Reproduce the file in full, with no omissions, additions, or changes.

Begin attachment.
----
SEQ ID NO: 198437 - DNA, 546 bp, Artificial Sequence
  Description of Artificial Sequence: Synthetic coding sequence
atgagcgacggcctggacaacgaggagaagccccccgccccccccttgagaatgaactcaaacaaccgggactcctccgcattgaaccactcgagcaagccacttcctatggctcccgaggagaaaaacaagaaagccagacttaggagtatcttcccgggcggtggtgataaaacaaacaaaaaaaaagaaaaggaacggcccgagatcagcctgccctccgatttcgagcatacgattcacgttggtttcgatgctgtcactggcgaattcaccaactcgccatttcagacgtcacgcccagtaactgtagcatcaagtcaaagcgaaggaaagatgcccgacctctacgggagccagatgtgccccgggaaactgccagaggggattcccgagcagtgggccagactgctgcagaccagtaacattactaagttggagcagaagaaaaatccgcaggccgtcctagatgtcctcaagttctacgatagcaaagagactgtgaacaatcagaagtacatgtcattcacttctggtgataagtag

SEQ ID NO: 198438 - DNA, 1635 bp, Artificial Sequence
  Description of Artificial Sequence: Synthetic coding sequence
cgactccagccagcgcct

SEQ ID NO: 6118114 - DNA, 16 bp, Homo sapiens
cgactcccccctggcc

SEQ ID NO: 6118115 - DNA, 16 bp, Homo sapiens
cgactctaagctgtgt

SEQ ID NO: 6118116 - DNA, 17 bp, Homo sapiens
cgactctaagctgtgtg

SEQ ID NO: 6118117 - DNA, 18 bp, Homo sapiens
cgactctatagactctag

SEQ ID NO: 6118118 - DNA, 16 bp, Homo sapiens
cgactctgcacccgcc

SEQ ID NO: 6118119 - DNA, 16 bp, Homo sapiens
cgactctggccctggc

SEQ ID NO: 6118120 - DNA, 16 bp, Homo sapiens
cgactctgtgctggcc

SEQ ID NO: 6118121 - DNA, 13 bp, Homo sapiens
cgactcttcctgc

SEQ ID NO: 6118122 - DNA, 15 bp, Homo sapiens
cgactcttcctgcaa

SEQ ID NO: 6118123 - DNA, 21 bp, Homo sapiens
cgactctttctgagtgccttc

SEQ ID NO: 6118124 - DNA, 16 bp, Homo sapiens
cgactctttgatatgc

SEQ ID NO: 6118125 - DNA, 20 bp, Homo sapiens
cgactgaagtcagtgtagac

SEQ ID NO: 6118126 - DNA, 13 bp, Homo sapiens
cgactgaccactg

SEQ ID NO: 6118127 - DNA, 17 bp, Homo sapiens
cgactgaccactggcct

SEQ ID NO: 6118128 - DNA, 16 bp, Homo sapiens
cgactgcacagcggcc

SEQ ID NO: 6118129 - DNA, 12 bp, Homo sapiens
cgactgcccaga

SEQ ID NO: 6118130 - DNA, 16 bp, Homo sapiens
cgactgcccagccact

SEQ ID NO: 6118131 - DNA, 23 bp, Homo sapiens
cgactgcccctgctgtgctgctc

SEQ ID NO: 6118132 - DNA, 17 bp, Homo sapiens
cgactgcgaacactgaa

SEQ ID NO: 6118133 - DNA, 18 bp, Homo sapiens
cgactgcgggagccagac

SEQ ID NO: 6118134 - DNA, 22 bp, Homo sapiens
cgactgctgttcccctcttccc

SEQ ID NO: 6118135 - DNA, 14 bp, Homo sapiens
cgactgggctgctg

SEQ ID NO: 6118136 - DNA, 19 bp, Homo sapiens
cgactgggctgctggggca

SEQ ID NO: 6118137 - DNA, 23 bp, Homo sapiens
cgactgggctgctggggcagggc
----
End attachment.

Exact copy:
SEQ ID NO: 198437 - DNA, 546 bp, Artificial Sequence
  Description of Artificial Sequence: Synthetic coding sequence
atgagcgacggcctggacaacgaggagaagccccccgccccccccttgagaatgaactcaaacaaccgggactcctccgcattgaaccactcgagcaagccacttcctatggctcccgaggagaaaaacaagaaagccagacttaggagtatcttcccgggcggtggtgataaaacaaacaaaaaaaaagaaaaggaacggcccgagatcagcctgccctccgatttcgagcatacgattcacgttggtttcgatgctgtcactggcgaattcaccaactcgccatttcagacgtcacgcccagtaactgtagcatcaagtcaaagcgaaggaaagatgcccgacctctacgggagccagatgtgccccgggaaactgccagaggggattcccgagcagtgggccagactgctgcagaccagtaacattactaagttggagcagaagaaaaatccgcaggccgtcctagatgtcctcaagttctacgatagcaaagagactgtgaacaatcagaagtacatgtcattcacttctggtgataagtag

SEQ ID NO: 198438 - DNA, 1635 bp, Artificial Sequence
  Description of Artificial Sequence: Synthetic coding sequence
cgactccagccagcgcct

SEQ ID NO: 6118114 - DNA, 16 bp, Homo sapiens
cgactcccccctggcc

SEQ ID NO: 6118115 - DNA, 16 bp, Homo sapiens
cgactctaagctgtgt

SEQ ID NO: 6118116 - DNA, 17 bp, Homo sapiens
cgactctaagctgtgtg

SEQ ID NO: 6118117 - DNA, 18 bp, Homo sapiens
cgactctatagactctag

SEQ ID NO: 6118118 - DNA, 16 bp, Homo sapiens
cgactctgcacccgcc

SEQ ID NO: 6118119 - DNA, 16 bp, Homo sapiens
cgactctggccctggc

SEQ ID NO: 6118120 - DNA, 16 bp, Homo sapiens
cgactctgtgctggcc

SEQ ID NO: 6118121 - DNA, 13 bp, Homo sapiens
cgactcttcctgc

SEQ ID NO: 6118122 - DNA, 15 bp, Homo sapiens
cgactcttcctgcaa

SEQ ID NO: 6118123 - DNA, 21 bp, Homo sapiens
cgactctttctgagtgccttc

SEQ ID NO: 6118124 - DNA, 16 bp, Homo sapiens
cgactctttgatatgc

SEQ ID NO: 6118125 - DNA, 20 bp, Homo sapiens
cgactgaagtcagtgtagac

SEQ ID NO: 6118126 - DNA, 13 bp, Homo sapiens
cgactgaccactg

SEQ ID NO: 6118127 - DNA, 17 bp, Homo sapiens
cgactgaccactggcct

SEQ ID NO: 6118128 - DNA, 16 bp, Homo sapiens
cgactgcacagcggcc

SEQ ID NO: 6118129 - DNA, 12 bp, Homo sapiens
cgactgcccaga

SEQ ID NO: 6118130 - DNA, 16 bp, Homo sapiens
cgactgcccagccact

SEQ ID NO: 6118131 - DNA, 23 bp, Homo sapiens
cgactgcccctgctgtgctgctc

SEQ ID NO: 6118132 - DNA, 17 bp, Homo sapiens
cgactgcgaacactgaa

SEQ ID NO: 6118133 - DNA, 18 bp, Homo sapiens
cgactgcgggagccagac

SEQ ID NO: 6118134 - DNA, 22 bp, Homo sapiens
cgactgctgttcccctcttccc

SEQ ID NO: 6118135 - DNA, 14 bp, Homo sapiens
cgactgggctgctg

SEQ ID NO: 6118136 - DNA, 19 bp, Homo sapiens
cgactgggctgctggggca

SEQ ID NO: 6118137 - DNA, 23 bp, Homo sapiens
cgactgggctgctggggcagggc